A panicked crush of people trying to enter Kabul International Airport killed seven Afghan civilians in the crowd, the British military said on Sunday, showing the danger still posed to those trying to flee the country’s takeover by the Taliban.
The deaths come as a group of fighters opposed to the Taliban regime battles insurgents in the mountains and valleys north of Kabul, capturing several rural districts. While details of the fighting remain unclear, it is the first organized resistance to rise up against the Taliban since they crossed the country in less than a week to capture most of the country and its territory. capital city. The Taliban deployed fighters on Sunday to launch a possible offensive there.
Kabul Airport, now one of the few routes out of the country for the millions of people in the city, has seen days of chaos since the Taliban entered the capital on August 15. Thousands of people rushed to the airport last Monday in chaos that saw the United States attempting to clear the runway with low-flying attack helicopters. Several Afghans died as they were suspended from the side of a US military cargo plane, some of the seven killed that day alone.
In chaotic scenes on Saturday, British and Western troops in full riot gear attempted to control crowds large enough to be seen in satellite photos crowding the airport. They took away a few that were sweating and looking pale. With temperatures reaching 34 degrees Celsius (93 degrees Fahrenheit), soldiers sprayed water from a hose on the gathered people or gave them bottled water to pour over their heads.
The British army on Sunday admitted the seven dead civilians in the crowd. There were further shoves and crushing injuries in the crowd, especially as Taliban fighters fire in the air to chase those desperate to catch a flight out of the country.
“Conditions on the ground remain extremely difficult, but we are doing everything possible to handle the situation as safely and securely as possible,” the defense ministry said in a statement.
It was not immediately clear whether those killed were physically crushed, suffocated or suffered a fatal heart attack in the crowd. The soldiers covered several corpses with white clothes to hide them. Other troops stood atop concrete barriers or shipping containers, trying to calm the crowds. Shots were sometimes heard.
The chaos at Kabul airport comes as a new perceived threat from the ISIS affiliate in Afghanistan has seen US military planes make quick and diving combat landings at the airport. Other planes fired flares on takeoff, an effort to confuse possible heat-seeking missiles targeting the planes.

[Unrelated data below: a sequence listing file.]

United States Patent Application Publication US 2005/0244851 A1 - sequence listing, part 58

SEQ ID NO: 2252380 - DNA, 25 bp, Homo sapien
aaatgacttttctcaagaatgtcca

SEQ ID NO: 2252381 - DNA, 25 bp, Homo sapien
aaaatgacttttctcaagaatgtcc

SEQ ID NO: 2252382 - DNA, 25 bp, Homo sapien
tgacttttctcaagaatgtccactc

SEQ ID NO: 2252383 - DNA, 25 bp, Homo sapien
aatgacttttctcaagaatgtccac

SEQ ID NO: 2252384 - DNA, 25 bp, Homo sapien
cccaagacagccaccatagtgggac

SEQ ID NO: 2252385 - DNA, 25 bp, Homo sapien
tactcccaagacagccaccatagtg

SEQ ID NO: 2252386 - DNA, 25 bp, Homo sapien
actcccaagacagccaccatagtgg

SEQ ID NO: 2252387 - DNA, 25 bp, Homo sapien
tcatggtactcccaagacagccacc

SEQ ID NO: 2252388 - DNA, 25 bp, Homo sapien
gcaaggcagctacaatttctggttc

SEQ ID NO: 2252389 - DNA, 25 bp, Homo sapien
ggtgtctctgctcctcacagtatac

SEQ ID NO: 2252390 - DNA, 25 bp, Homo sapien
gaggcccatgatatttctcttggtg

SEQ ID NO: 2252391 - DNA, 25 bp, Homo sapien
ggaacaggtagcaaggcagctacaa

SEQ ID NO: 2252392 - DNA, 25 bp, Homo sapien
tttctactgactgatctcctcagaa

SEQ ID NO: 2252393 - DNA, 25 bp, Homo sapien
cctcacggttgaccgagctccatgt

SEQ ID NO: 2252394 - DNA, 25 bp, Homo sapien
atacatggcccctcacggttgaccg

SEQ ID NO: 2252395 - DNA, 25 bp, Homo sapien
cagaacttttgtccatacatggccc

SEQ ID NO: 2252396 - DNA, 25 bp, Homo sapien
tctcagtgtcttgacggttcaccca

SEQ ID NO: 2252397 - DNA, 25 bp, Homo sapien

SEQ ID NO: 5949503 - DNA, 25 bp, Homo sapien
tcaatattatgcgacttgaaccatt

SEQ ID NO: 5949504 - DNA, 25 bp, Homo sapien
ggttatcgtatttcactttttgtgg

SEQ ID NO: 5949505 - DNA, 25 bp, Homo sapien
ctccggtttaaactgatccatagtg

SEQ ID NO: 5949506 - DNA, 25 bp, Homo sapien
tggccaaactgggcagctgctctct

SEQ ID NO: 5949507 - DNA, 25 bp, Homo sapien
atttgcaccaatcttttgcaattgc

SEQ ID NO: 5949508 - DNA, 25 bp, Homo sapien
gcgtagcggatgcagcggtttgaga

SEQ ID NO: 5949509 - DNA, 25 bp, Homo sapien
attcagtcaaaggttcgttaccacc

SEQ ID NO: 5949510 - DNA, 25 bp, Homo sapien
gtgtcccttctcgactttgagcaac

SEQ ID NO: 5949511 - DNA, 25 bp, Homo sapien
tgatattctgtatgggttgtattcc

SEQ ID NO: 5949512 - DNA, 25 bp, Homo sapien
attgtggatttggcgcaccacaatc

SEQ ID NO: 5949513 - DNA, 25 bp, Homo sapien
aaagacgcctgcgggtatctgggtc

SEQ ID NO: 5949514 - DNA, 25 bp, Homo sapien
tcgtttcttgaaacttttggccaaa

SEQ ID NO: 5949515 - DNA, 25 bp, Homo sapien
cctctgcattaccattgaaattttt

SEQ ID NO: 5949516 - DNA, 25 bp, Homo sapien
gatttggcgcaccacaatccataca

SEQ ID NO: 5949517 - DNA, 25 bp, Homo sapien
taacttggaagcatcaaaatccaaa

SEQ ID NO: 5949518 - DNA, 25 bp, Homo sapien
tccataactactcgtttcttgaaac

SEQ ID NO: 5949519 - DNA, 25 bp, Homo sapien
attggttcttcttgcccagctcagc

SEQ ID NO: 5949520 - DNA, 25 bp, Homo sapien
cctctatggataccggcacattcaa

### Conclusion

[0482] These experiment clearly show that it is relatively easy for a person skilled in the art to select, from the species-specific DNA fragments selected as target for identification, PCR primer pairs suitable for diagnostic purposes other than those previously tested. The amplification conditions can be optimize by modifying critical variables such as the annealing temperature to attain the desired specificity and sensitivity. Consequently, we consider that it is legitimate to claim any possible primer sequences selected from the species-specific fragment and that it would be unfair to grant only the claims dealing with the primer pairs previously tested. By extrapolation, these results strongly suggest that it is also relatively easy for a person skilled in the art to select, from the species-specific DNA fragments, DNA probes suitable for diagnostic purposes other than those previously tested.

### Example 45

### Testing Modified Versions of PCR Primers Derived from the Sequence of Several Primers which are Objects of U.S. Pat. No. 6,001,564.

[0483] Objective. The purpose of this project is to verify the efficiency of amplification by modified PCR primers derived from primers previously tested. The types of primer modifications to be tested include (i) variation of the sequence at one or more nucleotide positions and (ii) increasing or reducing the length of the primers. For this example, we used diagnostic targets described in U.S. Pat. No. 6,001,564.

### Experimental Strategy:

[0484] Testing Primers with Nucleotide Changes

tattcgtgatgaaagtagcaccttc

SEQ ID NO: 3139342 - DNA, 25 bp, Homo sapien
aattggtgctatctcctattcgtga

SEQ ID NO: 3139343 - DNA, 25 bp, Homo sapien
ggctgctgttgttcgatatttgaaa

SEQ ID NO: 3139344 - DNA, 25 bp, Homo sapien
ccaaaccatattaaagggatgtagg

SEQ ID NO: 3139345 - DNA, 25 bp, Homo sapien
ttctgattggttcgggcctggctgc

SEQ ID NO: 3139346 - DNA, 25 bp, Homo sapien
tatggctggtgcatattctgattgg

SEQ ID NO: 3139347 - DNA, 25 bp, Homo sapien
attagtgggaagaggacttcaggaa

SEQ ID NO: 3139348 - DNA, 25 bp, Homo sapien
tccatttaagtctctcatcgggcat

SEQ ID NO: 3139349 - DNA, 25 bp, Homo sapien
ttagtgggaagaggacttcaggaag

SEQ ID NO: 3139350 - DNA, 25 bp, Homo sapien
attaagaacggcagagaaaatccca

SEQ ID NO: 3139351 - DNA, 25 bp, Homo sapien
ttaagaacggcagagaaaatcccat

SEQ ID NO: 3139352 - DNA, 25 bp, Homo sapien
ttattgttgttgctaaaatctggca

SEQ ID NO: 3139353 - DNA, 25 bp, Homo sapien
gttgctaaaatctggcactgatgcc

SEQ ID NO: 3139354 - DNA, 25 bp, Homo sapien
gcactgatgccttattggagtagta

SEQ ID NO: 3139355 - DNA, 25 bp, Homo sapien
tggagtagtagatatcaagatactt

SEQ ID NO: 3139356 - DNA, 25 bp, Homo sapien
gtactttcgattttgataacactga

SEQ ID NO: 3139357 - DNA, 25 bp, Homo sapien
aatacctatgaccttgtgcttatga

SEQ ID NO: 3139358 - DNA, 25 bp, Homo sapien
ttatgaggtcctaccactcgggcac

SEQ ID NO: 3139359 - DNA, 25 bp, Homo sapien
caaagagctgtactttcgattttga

Amir Khan Motaqi, head of the Taliban policy council, criticized America over the situation at the airport in an audio clip posted online on Sunday. He called the US actions “tyranny” – even as it was Taliban fighters who beat and shot those trying to access the airport over the past week.
“All of Afghanistan is secure, but the airport which is run by the Americans is in the grip of anarchy,” he said. “The United States shouldn’t defame itself, shouldn’t embarrass itself in front of the world, and shouldn’t give our people this mentality that (the Taliban) is kind of an enemy.”
Speaking to an Iranian state television station on a Saturday night video call, Taliban spokesman Mohammad Naeem also blamed the deaths at the airport on Americans in what quickly became an interview. combative.
“The Americans announced that we would take you to America with us and people gathered at the Kabul airport,” Naeem said. “If it was announced now in any country in the world, wouldn’t people go?”
The Iranian state television host, who has long criticized America since the 1979 Islamic Revolution, quickly said, “This will not happen in Iran.
Naeem replied, “Make sure it happens anywhere.”
Meanwhile, fighting broke out in the Afghan province of Baghlan, some 120 kilometers (75 miles) north of Kabul. Forces organized under the “People’s Uprising” banner have taken three districts around the Andarab Valley, nestled in the Hindu Kush mountains near Panjshir, the only province still under Taliban control.
On Sunday, the Taliban posted a video online showing fighters, including their elite special forces, preparing to go there, possibly to fight “popular uprising” forces. Four officials said the Taliban traveled to the Keshnabad area in the Andarab Valley to abduct the children of those who opposed them.
Khair Mohammad Khairkhwa, the former head of intelligence in Balkh province, and Abdul Ahmad Dadgar, another uprising leader, claimed that Taliban fighters attacked people’s homes and burned them while taking children. Two other officials, who requested anonymity, also said the Taliban seized the children of the fighters. The Taliban did not immediately respond to a request for comment on the fighting.
Later Sunday, Secretary of Defense Lloyd Austin activated the initial phase of the Civil Reserve Air Fleet program, requesting 18 planes from U.S. carriers to help transport Afghan refugees once they are evacuated from their country by military planes. . As part of the voluntary program, civilian airlines add military aircraft capacity during a national defense crisis. This program was born in the wake of the Berlin Airlift.
The Biden administration requested three planes each from American Airlines, Atlas Air, Delta Air Lines and Omni Air; two from Hawaiian Airlines; and four from United Airlines.
Meanwhile, the Taliban’s top political leader has arrived in Kabul for talks on forming a new government. The presence of Mullah Abdul Ghani Baradar, who returned to Kandahar earlier this week from Qatar, was confirmed by a Taliban official who requested anonymity because he was not authorized to speak to the media.
Afghan officials familiar with talks in the capital said the Taliban had said they would not make any announcements about their government until the August 31 deadline for the withdrawal of US troops.